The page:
Industry stakeholders have slammed the Nigerian National Petroleum Company Limited (NNPC) over the response to allegations of its frequent preference for MRS Oil Nigeria and AA Rano on pipeline contracts in Nigeria’s downstream sector.
BusinessDay had exclusively reported that NNPC awarded new contracts to four companies, including two downstream firms, for the rehabilitation of the country’s pipelines, sparking criticisms from industry operators.
NNPC, on Sunday, described BusinessDay’s report as “fallacious” explaining that the pipeline contracts were advertised and were awarded based on rigorous evaluation criteria and in line with industry norms.
The state-owned company said it subjected the selection process to a competitive tender guided by the Bureau of Public Procurement standards, infrastructure concession regulatory commission expertise, and the active involvement of a transaction advisor.
However, industry stakeholders who spoke to BusinessDay described the NNPC’s reaction as “unsatisfactory” and “evasive”.
“Is the state-owned company that prides itself in transparency and accountability saying it’s not aware of the consequence of awarding pipeline contracts to retail firms?” Tunde Adeniran, an energy analyst, told BusinessDay.
“The response is unsatisfactory; this is not only unfair to other companies, but it is also a risk to the country’s oil and gas infrastructure,” Adeniyi added.
Other industry experts have echoed Adeniyi’s concerns, warning that the NNPC’s decision to award contracts to companies that lack the necessary expertise could lead to accidents and environmental damage.
“The response was evasive; they need to be more transparent and accountable in its procurement process,” said one industry expert who spoke on condition of anonymity. “It cannot afford to continue awarding contracts to companies not qualified to do the job.”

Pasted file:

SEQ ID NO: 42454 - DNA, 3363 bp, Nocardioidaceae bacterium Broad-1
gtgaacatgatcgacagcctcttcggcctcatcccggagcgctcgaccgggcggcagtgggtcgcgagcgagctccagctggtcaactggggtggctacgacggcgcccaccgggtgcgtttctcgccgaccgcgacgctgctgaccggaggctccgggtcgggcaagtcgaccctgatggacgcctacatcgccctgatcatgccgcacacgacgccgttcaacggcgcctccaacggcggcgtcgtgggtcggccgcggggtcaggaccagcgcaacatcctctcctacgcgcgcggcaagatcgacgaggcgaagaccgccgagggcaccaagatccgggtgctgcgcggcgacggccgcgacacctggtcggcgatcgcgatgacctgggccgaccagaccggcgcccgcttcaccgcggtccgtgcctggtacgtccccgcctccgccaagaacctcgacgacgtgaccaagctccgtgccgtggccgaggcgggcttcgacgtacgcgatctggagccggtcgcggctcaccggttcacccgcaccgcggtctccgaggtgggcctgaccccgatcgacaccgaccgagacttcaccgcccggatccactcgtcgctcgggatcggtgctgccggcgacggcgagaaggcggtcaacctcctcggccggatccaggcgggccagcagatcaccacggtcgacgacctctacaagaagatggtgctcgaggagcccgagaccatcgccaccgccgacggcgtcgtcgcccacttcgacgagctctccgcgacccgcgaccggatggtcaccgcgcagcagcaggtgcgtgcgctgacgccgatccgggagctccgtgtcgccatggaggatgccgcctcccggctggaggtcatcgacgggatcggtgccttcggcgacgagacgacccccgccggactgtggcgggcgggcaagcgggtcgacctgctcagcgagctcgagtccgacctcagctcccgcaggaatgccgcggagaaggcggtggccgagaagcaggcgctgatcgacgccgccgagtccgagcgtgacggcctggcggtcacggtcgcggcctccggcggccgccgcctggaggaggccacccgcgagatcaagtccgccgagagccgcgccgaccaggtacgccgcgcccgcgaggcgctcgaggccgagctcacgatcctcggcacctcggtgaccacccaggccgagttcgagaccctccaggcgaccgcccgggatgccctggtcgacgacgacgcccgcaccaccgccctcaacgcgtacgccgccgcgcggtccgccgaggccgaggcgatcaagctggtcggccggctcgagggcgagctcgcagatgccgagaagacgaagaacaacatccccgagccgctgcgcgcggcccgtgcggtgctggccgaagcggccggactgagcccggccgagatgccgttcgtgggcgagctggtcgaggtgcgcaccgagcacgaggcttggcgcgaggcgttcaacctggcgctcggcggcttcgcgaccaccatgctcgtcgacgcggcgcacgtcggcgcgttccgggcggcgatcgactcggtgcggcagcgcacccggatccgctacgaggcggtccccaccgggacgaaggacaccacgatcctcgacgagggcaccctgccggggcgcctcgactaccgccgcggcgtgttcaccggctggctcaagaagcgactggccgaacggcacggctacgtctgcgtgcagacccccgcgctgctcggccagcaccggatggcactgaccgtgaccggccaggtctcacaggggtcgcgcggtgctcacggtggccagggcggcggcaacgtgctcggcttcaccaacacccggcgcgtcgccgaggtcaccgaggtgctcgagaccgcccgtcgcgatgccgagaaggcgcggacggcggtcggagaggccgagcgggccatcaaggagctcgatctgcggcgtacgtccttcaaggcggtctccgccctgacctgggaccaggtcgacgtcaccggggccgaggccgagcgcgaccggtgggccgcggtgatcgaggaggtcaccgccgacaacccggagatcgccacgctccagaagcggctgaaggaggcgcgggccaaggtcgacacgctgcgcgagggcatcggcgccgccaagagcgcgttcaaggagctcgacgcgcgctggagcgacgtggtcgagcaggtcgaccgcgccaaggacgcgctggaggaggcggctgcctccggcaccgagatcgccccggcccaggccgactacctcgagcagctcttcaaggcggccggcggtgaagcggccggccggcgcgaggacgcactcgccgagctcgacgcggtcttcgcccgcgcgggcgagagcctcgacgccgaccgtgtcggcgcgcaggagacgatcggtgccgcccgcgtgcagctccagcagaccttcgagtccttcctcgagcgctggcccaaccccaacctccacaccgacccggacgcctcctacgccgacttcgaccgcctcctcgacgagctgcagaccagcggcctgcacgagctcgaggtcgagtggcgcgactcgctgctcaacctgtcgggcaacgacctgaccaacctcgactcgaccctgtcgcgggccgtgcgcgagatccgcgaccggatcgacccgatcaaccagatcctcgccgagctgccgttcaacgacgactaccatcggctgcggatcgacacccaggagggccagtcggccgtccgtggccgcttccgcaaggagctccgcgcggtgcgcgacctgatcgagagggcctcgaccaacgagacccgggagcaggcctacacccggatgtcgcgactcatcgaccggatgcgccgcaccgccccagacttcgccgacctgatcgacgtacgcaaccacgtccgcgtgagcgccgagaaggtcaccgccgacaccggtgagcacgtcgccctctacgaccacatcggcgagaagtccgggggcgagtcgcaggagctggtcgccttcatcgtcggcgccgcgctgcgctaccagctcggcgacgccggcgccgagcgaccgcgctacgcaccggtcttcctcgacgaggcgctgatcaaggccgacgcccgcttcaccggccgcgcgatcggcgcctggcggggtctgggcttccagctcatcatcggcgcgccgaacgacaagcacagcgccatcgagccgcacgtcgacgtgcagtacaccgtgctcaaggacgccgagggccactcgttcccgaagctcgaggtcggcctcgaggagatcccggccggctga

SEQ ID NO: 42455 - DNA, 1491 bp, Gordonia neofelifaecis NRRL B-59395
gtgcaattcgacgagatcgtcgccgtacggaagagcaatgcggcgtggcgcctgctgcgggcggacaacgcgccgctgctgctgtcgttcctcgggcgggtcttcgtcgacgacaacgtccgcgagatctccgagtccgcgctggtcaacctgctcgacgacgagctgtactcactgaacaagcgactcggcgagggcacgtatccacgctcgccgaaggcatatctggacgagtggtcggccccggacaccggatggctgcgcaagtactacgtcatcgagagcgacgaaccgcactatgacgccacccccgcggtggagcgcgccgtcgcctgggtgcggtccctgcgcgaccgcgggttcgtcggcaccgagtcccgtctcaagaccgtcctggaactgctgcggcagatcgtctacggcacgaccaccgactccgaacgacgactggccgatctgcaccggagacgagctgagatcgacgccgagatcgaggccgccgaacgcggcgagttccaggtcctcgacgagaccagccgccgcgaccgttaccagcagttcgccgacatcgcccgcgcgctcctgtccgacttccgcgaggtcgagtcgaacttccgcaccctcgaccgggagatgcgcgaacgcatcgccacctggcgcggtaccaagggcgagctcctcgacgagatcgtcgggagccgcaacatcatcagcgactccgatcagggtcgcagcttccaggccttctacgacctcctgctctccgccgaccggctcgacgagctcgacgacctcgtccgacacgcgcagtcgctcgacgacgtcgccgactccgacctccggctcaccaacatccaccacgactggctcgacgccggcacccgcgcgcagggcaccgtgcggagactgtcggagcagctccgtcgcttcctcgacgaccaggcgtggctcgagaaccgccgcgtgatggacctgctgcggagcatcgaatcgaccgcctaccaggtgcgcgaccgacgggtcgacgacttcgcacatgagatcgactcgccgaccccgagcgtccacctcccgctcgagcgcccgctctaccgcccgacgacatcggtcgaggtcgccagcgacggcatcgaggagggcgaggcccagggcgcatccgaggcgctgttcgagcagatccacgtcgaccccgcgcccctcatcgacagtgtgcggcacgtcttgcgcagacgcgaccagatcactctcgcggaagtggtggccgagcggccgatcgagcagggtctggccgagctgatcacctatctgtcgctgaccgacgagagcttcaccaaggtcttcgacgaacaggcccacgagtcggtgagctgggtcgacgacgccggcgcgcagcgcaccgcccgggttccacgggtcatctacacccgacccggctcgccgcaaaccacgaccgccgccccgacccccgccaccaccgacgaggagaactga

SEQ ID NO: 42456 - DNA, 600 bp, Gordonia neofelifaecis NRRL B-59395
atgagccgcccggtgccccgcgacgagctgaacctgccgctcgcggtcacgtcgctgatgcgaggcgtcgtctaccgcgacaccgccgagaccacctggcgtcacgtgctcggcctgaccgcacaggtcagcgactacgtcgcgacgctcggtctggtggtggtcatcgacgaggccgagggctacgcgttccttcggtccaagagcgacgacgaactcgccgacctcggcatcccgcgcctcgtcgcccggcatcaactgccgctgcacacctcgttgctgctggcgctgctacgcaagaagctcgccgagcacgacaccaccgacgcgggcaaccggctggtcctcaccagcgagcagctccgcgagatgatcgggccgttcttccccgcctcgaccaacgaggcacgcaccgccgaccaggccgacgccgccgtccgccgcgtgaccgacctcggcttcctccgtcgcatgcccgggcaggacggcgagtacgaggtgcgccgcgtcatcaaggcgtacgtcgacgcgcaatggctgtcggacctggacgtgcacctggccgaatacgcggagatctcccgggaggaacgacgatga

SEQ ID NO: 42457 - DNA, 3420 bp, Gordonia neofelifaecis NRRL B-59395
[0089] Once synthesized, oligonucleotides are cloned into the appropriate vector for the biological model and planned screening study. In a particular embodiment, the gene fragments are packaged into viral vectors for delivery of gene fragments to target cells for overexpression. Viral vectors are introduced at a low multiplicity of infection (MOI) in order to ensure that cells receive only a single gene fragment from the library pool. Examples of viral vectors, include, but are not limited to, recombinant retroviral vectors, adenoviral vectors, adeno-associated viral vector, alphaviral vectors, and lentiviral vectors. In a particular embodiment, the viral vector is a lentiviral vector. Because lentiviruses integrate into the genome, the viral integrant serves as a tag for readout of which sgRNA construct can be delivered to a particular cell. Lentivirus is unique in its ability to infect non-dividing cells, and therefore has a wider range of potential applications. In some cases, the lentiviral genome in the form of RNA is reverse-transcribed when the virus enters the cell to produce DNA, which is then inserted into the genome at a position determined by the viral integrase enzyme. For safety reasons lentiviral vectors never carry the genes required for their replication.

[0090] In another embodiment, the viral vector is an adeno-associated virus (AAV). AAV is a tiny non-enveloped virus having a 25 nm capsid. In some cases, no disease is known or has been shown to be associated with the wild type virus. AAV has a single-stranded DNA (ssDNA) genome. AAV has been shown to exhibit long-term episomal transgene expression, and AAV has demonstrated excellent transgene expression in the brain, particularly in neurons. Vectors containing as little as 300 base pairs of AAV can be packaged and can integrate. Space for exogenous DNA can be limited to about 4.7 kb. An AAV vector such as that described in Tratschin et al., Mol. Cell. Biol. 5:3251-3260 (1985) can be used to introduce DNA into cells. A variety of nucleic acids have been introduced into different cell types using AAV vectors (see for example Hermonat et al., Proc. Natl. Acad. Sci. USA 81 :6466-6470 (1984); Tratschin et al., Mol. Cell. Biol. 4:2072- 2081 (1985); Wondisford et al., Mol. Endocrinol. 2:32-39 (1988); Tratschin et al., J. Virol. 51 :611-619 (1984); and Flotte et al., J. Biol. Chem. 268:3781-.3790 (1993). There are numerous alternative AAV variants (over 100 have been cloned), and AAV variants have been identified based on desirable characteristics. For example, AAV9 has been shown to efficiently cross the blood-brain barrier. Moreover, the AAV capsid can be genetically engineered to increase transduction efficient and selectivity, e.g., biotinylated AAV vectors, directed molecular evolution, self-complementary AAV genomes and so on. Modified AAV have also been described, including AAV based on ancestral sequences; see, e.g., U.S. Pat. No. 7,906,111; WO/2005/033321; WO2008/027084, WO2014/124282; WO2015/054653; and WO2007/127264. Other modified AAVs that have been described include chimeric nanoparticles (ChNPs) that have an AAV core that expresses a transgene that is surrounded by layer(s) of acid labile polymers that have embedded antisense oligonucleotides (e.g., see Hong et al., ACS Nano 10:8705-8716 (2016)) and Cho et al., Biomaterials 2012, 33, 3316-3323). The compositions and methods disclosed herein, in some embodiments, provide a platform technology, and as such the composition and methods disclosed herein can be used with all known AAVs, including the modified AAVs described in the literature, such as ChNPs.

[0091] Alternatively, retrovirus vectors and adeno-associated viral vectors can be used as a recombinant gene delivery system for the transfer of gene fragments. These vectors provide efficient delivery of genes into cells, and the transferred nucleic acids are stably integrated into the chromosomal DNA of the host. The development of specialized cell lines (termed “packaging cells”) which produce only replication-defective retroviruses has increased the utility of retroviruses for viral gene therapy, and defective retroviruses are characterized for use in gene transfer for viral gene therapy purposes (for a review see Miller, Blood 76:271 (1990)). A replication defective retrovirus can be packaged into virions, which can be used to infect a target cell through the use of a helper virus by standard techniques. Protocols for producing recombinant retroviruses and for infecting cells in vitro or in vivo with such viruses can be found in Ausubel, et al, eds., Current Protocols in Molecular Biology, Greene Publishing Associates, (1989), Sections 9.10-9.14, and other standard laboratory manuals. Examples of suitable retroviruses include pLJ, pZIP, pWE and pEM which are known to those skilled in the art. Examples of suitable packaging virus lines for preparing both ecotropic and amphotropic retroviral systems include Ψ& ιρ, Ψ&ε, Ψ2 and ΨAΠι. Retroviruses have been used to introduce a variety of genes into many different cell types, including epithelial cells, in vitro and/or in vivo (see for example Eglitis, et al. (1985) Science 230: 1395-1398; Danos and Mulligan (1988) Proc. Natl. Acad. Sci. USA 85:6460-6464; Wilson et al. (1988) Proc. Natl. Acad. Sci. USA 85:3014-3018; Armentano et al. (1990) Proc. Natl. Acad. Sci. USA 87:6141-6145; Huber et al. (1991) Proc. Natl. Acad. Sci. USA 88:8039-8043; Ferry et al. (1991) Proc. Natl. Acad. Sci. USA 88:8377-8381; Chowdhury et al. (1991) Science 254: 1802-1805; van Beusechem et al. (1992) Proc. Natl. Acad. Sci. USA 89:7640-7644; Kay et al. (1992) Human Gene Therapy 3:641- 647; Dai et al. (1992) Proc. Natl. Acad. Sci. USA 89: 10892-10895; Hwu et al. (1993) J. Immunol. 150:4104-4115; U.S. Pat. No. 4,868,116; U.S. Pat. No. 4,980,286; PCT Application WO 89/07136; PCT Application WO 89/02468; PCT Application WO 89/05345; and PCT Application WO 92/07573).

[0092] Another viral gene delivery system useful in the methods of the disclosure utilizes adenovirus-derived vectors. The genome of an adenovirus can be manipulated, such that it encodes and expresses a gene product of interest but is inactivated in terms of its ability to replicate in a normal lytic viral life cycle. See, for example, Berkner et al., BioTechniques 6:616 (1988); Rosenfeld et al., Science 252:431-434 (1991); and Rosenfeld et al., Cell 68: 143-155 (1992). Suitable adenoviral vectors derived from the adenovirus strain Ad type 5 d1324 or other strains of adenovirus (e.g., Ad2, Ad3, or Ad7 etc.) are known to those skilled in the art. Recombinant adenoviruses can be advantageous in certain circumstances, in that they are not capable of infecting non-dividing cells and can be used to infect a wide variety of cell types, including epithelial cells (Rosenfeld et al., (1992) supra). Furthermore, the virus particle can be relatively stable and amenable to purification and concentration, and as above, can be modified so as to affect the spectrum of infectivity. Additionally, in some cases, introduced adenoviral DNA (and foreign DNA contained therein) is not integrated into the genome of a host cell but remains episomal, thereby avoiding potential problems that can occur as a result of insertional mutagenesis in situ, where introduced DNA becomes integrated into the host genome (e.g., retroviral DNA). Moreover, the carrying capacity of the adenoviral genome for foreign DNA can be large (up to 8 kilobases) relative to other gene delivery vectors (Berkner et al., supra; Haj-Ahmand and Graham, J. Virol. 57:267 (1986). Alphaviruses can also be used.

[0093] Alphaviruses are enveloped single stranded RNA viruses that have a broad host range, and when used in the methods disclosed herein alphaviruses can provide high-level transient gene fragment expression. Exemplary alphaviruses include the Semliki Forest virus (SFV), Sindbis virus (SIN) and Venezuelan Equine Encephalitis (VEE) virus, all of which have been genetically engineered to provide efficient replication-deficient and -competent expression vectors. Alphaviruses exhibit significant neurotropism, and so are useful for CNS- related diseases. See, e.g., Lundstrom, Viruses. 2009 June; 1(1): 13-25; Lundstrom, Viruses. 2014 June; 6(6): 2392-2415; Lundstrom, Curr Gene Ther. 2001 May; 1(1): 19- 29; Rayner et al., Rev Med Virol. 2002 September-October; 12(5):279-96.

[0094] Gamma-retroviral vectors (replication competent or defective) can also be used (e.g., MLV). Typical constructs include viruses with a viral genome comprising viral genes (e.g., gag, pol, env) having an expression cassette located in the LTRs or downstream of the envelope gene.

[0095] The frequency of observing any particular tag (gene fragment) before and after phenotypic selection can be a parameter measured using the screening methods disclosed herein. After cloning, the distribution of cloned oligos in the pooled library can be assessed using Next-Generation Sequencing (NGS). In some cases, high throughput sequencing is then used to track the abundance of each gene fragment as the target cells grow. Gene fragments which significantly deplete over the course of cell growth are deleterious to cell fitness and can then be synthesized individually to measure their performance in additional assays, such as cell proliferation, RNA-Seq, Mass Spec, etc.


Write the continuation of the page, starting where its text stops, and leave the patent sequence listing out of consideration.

He raised concerns about the growing danger of a lack of transparency and accountability in Nigeria’s oil and gas sector.
“NNPC Ltd deviated from the standard evaluation protocol by sidelining key stakeholders like the Infrastructure Concession and Regulatory Commission (ICRC), Ministry of Justice, Bureau for Public Procurement, and other project delivery team members in picking the retailers that emerged winners,” an industry source said.
Another source pointed out that MRS and AA Rano were among the companies selected for Nigeria’s crude-for-fuel swap contracts in 2021 and 2022.
“These contracts are highly lucrative, and they have given MRS and AA Rano a significant advantage over their competitors,” a source said.
Read also: NNPC debunks love affair with AA Rano, MRS
Another industry expert, who spoke on the condition of anonymity, said that the NNPC’s frequent preference for MRS and AA Rano is harming the Nigerian oil and gas sector.
“The NNPC’s favouritism is creating an unfair playing field for other oil companies,” the expert said. “This is discouraging investment and innovation in the sector.”
For the first time in Nigeria’s history, the country’s oil and gas industry did not record any new investment in the second quarter of 2023, according to a new report published by the National Bureau of Statistics (NBS).
Data sourced from NBS revealed Nigeria’s oil & gas sector, the lifeblood of Africa’s biggest economy, garnered $750,000 in the first quarter of the year. However, it recorded nothing in the next quarter.
Analysts have said that a conducive environment to do business in Nigeria’s oil and gas sector is not obtainable yet because of failed reforms to keep the industry on track, which is leading to underinvestment and divestment.
“Some oil companies are deprioritising Nigerian portfolios either for deeper offshore activities or are moving where the capital can attract more returns,” said Jide Pratt, country manager of Trade Grid.